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Exact Sequences

  1. Feb 19, 2009 #1
    Hey, can anyone help me with this please. I am doing algebraic topology and am particularly stuck on exact sequences. I "understand" the idea of the definition for example:

    [tex] 0\rightarrow A\stackrel{\alpha}{\rightarrow}B\stackrel{\beta}{\rightarrow}C\rightarrow 0 [/tex]

    in this short exact sequence, alpha has to be mono or injective and beta has to be epi or surjective. However, what i dont get is: given a sequence of some groups how does one test whether it is exact. In other words how does one construct function between groups which are either epi or mono? for example from Z2 to Z4 or others.

    (this may seem a strange question for someone doing "algebraic ..." but i have not done any algebra beyond an introduction few years ago)

    thank you
  2. jcsd
  3. Feb 19, 2009 #2
    In algebraic topology exact sequences are almost always given to you. You do not construct them. They arise naturally in comparing chain complexes.

    In the the case of Z2 and Z4 there is only one possible exact sequence,

    0 -> Z2 -> Z4 -> Z2 -> 0

    It is easy to construct.

    The generator of Z2 must be mapped to the unique element of order 2 in Z4. The generators of Z4 are mapped onto the generator of Z2.

    I would be happy to help you with the exact sequences used algebraic topology.
    Last edited: Feb 19, 2009
  4. Feb 19, 2009 #3
    I am looking at hatcher's book and one excercise asks to determine if there exist a short exact sequence: [tex] 0 \rightarrow \mathbb{Z}_{4}\rightarrow \mathbb{Z}_{8} \oplus\mathbb{Z}_{2} \rightarrow \mathbb{Z}_{4} \rightarrow 0 [/tex]

    Now when i look at that i have absolutely no idea where to start. So what i am hoping for is a general procedure to determine. How did you determine that there is a unique exact sequence for

    Could you send my way, if you know any book or website that dwells in details into this.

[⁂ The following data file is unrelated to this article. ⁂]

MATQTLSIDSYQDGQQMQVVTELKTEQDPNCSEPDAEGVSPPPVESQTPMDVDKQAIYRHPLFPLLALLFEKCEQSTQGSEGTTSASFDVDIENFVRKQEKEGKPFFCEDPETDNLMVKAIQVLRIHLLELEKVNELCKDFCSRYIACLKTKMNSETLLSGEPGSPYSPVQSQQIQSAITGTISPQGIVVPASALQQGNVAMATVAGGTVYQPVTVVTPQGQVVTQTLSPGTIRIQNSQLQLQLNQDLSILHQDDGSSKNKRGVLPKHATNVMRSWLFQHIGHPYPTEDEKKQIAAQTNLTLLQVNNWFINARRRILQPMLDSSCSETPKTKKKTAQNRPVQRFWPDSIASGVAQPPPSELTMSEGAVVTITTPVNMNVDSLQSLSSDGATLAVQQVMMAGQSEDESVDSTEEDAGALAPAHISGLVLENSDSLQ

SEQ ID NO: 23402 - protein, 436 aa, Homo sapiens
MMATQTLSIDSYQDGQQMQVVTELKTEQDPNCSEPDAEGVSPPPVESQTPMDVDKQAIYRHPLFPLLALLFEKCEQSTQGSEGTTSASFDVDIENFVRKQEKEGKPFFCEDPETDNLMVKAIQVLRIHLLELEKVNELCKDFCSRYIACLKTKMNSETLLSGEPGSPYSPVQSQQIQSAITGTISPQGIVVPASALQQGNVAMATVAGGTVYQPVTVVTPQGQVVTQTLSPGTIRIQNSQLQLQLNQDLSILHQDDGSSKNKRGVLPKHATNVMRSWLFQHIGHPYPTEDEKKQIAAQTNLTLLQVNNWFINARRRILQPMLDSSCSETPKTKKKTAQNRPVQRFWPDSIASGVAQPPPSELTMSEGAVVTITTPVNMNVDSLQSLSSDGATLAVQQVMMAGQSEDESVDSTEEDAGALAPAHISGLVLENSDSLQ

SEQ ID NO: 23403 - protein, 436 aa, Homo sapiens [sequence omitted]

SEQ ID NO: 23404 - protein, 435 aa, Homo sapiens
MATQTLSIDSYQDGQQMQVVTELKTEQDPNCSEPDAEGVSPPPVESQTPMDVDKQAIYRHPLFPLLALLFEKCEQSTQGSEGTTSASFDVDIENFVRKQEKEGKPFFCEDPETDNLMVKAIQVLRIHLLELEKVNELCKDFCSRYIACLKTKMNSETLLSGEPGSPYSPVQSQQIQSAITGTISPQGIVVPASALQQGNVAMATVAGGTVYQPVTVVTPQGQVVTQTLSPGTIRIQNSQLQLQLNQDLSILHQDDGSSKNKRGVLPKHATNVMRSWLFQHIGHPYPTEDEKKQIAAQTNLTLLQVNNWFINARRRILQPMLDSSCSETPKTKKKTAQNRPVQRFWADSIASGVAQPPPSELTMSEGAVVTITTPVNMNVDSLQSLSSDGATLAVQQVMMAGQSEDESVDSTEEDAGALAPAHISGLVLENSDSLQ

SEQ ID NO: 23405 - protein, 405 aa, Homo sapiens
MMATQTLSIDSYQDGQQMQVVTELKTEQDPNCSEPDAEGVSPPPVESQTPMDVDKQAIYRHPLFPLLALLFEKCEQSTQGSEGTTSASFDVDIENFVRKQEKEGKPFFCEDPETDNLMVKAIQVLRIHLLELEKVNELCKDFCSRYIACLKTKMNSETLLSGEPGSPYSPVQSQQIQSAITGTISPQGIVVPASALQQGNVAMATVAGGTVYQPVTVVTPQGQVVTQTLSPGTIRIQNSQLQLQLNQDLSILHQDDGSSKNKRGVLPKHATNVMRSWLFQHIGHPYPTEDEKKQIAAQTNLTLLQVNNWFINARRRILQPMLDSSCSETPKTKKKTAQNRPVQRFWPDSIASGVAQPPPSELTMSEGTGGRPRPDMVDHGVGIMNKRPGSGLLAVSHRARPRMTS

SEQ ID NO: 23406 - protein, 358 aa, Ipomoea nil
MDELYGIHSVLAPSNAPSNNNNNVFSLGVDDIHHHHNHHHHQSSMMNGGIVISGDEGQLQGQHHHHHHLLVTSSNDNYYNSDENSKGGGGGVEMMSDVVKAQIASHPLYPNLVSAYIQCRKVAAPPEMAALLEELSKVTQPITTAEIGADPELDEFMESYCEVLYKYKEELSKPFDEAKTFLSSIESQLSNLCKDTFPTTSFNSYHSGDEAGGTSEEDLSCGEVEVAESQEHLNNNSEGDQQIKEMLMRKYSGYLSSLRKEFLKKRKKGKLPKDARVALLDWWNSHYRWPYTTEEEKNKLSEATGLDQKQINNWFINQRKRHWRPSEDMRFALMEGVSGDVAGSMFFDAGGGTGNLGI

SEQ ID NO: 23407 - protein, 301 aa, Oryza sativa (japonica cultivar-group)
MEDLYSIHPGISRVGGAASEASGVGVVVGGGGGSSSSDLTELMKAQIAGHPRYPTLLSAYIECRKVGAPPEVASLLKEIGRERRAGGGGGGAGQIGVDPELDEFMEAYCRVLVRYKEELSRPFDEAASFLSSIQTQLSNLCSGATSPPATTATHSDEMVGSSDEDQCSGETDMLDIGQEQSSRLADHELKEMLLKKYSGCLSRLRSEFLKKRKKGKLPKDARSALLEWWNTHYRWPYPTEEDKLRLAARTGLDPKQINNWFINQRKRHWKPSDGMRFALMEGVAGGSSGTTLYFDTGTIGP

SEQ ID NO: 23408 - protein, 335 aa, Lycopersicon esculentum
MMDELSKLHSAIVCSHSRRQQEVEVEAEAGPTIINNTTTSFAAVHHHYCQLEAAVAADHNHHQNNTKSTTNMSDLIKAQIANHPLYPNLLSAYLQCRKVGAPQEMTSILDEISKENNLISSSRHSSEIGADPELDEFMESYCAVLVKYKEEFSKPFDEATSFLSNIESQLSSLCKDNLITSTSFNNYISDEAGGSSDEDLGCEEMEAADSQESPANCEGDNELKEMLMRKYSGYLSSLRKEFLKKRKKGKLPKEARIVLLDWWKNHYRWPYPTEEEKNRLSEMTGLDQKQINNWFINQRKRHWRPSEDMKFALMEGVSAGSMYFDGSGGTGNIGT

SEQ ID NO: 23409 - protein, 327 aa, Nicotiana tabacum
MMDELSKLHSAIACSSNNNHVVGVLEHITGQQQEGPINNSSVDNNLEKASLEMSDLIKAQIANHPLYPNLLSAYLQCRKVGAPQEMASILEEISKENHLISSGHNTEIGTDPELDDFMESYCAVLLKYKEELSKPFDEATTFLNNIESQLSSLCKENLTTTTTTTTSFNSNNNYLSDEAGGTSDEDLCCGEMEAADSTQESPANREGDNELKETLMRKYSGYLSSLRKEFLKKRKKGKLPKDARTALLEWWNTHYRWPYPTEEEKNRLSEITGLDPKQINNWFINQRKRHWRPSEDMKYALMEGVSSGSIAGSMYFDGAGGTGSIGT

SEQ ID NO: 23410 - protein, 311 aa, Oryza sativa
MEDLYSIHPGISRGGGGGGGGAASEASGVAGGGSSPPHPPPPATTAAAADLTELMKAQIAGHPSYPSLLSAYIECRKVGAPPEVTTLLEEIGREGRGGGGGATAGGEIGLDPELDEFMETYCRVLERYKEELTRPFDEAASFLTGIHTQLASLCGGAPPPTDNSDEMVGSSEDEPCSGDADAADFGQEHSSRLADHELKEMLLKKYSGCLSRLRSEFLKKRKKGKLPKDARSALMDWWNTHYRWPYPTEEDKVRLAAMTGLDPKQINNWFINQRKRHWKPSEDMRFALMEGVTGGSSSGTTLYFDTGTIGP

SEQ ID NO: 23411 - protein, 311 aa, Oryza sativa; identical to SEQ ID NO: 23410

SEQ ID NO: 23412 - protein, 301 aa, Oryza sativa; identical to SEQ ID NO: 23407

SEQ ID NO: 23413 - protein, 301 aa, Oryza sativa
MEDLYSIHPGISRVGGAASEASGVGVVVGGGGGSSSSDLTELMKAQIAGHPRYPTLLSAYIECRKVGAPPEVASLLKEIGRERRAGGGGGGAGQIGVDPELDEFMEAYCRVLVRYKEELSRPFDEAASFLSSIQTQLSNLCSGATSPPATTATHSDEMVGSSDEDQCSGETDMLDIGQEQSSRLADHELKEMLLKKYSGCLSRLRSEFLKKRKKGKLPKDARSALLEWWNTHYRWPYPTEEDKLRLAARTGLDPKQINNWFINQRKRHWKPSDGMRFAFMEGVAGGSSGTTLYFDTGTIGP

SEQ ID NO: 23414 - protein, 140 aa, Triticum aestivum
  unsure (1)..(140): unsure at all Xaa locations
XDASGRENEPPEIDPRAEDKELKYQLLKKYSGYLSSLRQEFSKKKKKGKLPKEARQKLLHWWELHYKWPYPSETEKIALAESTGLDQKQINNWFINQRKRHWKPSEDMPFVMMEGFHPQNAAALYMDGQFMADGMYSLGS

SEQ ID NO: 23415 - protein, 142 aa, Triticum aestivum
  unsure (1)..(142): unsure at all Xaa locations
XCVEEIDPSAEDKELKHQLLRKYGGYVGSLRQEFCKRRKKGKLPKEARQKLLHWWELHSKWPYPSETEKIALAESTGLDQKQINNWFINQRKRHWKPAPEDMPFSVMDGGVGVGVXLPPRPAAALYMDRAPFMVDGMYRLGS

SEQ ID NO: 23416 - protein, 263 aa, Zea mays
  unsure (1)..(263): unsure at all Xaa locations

5. Feb 19, 2009 #4
    With Abelian groups the logic is simple. You do not need a general procedure in my opinion.
    This is how to do 0->Z2->Z4->Z2->0. If Z2 -> Z4 is injective then its generator must map to an element of order 2 in Z4. There is only one element of order 2 in Z4 so there is only one injective map. The quotient is clearly isomorphic to Z2 so you are done.

    For Z4 -> Z8 + Z2 the generator must map to an element of order 4. These are the elements (z^2,0) (z^2,1) (Z^6,0) and (z^6,1) where z is any generator of Z_8. Just check it out to see if any quotient is isomorphic to Z_4. Maybe you can generalize from this example.
  6. Feb 20, 2009 #5
    Try this problem. How many exact sequences are there of the form 0 -> Z2 -> Z2 + Z2 ->Z2 ->0? Construct all of them. How about 0 -> Z2 -> Z4 + Z4 -> G - > 0. What are the possible groups,G?

    Here is an exact sequence of groups that are not all Abelian. 0 -> L2 -> G -> Z2 -> 0
    G is not Abelian. L2 is the standard lattice in the plane i.e. all points in the plane whose co-ordinates are integers. It is a free Abelian group on two generators. G is the group generated by this lattice and one other transformation of the plane. This other transformation is multiply the y coordinate by -1 then translate by 1/2 in the x direction i.e.
    (x,y) -> (x+1/2,-y). G is the fundamental group of the Klein bottle. Show that g/L2 is Z2 and prove that this is an exact sequence.
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